During the last few weeks, I had the pleasure of getting to know some of the international players in the precision farming industry.

After attending the International Conference on Precision Agriculture in Indianapolis in mid-July, and last week the Raven Innovation Summit in Sioux Falls, S.D., I’ve gotten diverse perspectives on the prevalence of farming technology in different regions.

But one word that came up in most of those conversations with foreign researchers and dealers  was “opportunity.”

That was an especially common term heard at the three-day Raven event, where about one-quarter of the 220 conference attendees were from foreign countries — a record number for the technology conference — which has been held in some form each year for the last decade.

Equipment dealers and distributors from the Ukraine, Russia, Australia, Brazil and Costa Rica were some of the busiest attendees, essentially serving as precision farming ambassadors for their respective areas.

I was especially intrigued by a Ukrainian dealer named Aleksandr who traveled about 5,000 miles to attend. He says it’s not easy to spend 15 hours on a plane, digest an onslaught of precision technology presentations and then try and relay the most relevant information to customers back home.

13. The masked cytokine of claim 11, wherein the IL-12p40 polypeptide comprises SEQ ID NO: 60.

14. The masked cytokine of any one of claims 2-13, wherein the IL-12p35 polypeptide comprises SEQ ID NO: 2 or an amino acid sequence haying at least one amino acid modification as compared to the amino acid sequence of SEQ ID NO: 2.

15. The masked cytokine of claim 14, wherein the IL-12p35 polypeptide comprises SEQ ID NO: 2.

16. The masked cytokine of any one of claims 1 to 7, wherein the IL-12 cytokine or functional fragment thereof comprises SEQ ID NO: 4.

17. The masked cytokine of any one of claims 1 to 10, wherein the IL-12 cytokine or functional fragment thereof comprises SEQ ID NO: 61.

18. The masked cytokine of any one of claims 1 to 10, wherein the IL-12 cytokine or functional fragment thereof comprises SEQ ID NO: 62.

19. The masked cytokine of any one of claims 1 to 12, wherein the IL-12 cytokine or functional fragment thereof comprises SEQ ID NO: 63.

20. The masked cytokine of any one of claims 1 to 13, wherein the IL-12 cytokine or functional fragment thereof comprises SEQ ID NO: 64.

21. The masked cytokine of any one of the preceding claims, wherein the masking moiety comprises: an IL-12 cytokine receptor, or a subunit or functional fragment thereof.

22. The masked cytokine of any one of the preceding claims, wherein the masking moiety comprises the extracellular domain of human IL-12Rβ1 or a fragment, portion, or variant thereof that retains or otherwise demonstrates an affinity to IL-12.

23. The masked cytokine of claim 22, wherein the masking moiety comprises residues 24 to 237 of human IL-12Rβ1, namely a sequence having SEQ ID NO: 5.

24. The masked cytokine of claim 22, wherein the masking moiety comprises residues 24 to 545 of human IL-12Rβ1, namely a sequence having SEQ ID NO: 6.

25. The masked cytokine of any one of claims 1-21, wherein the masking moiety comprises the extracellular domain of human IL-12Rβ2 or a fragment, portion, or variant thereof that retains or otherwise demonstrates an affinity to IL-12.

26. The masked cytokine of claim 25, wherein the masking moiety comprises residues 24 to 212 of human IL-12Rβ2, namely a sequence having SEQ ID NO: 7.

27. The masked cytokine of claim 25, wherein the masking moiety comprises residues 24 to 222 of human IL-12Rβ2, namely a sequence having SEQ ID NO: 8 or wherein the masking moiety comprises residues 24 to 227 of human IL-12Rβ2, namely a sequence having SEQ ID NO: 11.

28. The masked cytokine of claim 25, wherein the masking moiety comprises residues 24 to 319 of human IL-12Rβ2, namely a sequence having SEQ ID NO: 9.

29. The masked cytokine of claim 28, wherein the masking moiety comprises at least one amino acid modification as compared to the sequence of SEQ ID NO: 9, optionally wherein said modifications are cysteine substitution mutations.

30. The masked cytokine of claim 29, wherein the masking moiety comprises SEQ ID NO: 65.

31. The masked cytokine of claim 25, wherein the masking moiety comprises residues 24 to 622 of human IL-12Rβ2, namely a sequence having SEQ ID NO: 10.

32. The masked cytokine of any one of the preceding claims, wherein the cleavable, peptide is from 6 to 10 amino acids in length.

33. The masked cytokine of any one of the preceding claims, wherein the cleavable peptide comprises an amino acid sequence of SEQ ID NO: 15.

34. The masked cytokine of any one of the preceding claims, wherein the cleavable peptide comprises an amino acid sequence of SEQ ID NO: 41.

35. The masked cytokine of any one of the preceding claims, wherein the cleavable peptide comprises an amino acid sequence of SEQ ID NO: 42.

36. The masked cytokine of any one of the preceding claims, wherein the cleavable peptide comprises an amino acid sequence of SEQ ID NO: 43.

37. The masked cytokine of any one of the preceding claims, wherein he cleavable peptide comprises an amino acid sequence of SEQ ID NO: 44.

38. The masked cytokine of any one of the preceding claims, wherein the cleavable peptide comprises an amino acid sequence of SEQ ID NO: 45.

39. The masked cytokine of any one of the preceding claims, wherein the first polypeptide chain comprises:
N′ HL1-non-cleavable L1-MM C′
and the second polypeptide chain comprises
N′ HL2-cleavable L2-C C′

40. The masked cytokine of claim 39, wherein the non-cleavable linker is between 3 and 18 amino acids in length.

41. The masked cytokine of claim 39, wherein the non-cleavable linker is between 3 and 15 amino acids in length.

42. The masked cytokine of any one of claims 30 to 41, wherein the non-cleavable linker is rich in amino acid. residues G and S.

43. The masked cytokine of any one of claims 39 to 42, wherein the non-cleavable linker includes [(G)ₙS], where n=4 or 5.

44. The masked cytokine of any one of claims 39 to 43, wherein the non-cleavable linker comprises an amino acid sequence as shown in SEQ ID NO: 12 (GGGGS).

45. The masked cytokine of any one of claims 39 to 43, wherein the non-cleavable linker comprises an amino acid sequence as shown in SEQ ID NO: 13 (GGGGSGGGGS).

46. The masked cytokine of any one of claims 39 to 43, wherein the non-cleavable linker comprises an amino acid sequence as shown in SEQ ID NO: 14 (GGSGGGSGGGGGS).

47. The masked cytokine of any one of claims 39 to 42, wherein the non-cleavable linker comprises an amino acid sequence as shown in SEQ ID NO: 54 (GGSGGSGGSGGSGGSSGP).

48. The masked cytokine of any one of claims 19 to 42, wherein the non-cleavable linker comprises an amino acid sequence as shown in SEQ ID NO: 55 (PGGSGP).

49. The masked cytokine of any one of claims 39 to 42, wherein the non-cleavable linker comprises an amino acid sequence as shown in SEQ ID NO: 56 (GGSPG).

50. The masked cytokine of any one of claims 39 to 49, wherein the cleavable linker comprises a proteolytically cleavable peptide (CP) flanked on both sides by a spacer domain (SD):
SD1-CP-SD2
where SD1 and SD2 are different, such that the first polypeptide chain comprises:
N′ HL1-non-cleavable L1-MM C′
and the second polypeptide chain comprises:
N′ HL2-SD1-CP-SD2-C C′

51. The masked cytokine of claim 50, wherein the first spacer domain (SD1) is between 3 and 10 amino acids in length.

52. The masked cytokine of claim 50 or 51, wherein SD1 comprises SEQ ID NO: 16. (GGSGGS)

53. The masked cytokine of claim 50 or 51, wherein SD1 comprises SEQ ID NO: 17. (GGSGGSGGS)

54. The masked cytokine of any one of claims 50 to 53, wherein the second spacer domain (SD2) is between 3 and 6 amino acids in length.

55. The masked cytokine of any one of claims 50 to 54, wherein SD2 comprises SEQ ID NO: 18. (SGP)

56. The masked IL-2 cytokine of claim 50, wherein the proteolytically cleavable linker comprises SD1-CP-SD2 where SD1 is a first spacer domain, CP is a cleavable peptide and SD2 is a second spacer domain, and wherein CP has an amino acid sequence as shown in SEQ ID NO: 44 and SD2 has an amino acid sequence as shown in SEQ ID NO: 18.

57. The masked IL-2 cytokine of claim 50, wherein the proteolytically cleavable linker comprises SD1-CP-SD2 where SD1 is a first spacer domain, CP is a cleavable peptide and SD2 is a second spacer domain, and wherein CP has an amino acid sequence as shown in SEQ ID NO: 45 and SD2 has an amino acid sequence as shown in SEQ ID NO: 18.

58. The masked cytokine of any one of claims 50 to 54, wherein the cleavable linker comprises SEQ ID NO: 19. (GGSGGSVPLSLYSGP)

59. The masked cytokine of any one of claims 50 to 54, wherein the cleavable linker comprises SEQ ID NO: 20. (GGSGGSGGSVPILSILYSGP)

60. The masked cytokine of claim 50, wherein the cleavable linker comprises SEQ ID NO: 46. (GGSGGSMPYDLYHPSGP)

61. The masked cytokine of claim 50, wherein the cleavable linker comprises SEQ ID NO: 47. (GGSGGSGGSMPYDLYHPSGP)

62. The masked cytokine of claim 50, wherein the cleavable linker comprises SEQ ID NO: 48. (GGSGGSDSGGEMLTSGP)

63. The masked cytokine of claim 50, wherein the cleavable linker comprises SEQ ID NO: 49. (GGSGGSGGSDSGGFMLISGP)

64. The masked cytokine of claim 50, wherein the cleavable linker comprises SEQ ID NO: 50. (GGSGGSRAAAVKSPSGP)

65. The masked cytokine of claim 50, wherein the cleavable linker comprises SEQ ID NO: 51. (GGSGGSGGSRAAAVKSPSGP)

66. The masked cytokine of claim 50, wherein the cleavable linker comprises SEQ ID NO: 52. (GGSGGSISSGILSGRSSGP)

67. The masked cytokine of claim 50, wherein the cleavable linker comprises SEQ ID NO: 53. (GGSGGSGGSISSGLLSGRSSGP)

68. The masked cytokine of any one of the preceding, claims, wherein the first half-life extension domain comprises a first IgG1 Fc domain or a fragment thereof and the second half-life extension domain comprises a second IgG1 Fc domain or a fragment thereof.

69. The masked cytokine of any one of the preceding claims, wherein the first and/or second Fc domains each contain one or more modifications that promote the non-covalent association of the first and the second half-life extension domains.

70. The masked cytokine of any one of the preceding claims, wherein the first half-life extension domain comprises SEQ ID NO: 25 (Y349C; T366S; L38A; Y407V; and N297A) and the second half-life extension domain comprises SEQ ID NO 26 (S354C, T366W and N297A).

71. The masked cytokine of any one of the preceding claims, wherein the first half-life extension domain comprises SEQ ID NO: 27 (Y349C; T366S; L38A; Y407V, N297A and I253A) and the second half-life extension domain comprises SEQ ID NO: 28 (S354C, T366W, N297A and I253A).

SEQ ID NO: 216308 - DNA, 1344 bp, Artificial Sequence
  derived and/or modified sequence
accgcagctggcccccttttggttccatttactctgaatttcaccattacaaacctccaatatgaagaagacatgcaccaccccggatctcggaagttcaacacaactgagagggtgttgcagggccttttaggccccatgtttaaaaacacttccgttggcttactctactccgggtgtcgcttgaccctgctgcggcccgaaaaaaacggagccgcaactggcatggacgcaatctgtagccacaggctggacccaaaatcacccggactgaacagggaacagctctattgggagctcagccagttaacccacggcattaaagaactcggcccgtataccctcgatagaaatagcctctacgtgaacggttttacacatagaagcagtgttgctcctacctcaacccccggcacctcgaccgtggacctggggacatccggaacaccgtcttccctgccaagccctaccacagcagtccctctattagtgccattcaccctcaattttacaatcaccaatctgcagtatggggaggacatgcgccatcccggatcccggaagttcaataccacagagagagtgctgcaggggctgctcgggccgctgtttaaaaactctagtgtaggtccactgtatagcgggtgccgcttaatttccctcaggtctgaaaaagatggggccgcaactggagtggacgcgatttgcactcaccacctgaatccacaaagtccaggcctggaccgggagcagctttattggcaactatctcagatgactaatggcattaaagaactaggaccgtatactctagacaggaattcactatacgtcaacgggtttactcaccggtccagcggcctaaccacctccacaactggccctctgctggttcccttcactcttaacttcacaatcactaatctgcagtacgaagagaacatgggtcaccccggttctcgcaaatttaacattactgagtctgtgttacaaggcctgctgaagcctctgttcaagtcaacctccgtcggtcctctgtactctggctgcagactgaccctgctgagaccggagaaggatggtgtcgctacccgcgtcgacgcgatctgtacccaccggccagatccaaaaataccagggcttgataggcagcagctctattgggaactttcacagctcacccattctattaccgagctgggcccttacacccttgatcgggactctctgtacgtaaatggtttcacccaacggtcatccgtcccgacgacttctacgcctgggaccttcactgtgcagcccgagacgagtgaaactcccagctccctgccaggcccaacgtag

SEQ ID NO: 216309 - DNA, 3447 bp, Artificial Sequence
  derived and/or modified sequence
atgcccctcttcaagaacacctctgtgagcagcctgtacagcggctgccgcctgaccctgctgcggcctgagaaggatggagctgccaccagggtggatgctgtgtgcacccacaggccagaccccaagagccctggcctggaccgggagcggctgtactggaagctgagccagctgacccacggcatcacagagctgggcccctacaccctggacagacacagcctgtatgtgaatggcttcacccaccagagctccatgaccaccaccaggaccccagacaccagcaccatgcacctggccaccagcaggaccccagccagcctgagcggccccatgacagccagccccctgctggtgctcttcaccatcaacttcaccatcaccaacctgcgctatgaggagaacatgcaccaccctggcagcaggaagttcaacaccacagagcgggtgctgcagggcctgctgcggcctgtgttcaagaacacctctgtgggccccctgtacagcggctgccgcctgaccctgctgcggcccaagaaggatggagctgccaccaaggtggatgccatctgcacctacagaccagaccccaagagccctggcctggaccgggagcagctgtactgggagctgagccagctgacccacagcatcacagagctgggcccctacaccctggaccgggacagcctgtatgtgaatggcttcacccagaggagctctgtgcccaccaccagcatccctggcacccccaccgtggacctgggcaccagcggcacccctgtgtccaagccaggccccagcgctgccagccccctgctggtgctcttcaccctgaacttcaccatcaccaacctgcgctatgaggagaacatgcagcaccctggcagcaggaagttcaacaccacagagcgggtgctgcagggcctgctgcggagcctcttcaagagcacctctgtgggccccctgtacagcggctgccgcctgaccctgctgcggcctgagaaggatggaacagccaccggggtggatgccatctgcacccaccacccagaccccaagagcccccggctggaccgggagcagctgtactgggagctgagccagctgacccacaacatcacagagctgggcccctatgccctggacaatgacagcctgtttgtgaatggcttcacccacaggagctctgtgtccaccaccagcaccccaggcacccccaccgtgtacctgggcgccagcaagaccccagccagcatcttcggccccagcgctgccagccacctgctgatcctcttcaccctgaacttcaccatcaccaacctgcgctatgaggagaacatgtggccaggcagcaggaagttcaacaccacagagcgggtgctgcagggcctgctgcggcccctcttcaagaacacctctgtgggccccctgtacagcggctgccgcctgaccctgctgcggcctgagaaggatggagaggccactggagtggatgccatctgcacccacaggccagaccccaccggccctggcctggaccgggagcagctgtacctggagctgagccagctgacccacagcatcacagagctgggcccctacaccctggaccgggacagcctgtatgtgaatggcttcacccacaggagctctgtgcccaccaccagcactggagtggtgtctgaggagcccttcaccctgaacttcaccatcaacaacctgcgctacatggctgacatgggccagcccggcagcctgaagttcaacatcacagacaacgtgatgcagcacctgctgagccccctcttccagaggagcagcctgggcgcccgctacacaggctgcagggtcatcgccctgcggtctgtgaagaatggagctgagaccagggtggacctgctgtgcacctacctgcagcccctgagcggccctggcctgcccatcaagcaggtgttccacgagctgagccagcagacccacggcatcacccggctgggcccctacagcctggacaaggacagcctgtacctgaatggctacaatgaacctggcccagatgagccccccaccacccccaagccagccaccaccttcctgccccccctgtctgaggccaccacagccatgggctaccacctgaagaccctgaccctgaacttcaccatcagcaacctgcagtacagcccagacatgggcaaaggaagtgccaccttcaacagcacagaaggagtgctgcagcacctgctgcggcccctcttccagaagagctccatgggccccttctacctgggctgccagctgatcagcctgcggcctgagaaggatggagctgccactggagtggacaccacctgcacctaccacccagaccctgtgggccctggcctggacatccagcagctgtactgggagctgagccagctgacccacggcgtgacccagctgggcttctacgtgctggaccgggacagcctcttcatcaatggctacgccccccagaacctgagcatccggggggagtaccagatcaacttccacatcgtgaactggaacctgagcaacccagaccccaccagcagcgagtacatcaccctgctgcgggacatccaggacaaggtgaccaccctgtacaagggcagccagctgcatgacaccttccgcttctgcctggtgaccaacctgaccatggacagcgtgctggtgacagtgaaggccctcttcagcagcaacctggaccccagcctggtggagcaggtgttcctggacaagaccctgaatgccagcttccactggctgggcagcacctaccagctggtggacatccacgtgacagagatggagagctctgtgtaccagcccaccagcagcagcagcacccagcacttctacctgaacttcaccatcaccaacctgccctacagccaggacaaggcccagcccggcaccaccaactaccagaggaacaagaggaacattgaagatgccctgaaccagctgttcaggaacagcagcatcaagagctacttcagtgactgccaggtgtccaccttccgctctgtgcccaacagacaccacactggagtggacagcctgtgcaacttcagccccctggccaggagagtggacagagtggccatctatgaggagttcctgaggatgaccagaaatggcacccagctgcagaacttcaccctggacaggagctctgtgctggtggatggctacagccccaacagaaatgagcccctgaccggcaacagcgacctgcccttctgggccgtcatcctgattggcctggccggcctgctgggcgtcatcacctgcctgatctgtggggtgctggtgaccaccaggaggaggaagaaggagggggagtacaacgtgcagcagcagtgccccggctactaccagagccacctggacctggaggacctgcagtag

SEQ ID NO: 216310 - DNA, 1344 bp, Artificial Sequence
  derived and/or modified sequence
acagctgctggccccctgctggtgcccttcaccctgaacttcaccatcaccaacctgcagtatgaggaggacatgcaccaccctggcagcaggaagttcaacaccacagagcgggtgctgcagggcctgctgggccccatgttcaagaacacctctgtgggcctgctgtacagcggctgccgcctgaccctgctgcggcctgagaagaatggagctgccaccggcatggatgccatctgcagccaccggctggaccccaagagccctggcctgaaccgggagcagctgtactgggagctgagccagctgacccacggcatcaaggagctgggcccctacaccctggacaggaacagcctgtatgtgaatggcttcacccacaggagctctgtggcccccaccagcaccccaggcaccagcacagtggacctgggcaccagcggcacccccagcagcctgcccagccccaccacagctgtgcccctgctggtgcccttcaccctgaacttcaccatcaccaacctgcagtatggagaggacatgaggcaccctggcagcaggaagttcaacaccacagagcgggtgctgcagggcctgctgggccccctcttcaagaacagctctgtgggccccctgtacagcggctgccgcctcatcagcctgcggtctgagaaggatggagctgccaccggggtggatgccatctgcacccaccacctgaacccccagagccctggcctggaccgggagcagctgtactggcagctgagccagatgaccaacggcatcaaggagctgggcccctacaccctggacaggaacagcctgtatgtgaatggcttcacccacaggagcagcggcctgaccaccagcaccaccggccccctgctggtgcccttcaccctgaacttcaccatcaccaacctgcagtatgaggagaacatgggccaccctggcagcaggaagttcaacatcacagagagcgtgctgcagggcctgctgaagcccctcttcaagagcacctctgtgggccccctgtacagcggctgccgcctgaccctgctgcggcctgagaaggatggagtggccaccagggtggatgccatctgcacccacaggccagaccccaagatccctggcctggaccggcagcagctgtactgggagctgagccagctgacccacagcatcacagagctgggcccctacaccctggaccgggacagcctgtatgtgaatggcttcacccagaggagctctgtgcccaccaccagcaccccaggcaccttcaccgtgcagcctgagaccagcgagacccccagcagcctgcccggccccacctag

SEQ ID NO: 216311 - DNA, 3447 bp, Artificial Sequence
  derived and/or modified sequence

But he also says the pilgrimages are essential to try and advance farming practices in areas where precision products are hot commodities.

His objective at the Raven summit was to “get bigger production, with smaller money and improve the quality of crops” for his customers in the Ukraine.

While that philosophy resonates with stateside dealers as well, the international precision product market is clearly one that manufacturers are eager to tap into.

On several occasions throughout the summit, Raven officials emphasized the opportunities with foreign partners to expand products — both now and in the future — overseas.

At least one foreign dealer says he is hopeful that implement auto-steering technology will soon be a reality in his country, to help customers more efficiently navigate thousands of fertile hectares.

A U.S. manufacturer of self-propelled sprayers attending the Raven event says countries like Russia are especially ripe for precision technology, but economics are a hurdle.

“If they could ever get hard currency, America’s future in the ag business is Russia because they have so much ground and it’s all black earth,” he says.

Based on the international attendance and participation at the Raven event, foreign dealers clearly aren’t making the trip just to accumulate frequent flier miles.

It will be interesting to see in the next year how much international interest in U.S. precision farming technology grows and where manufacturers and researchers turn those “opportunities” into realities.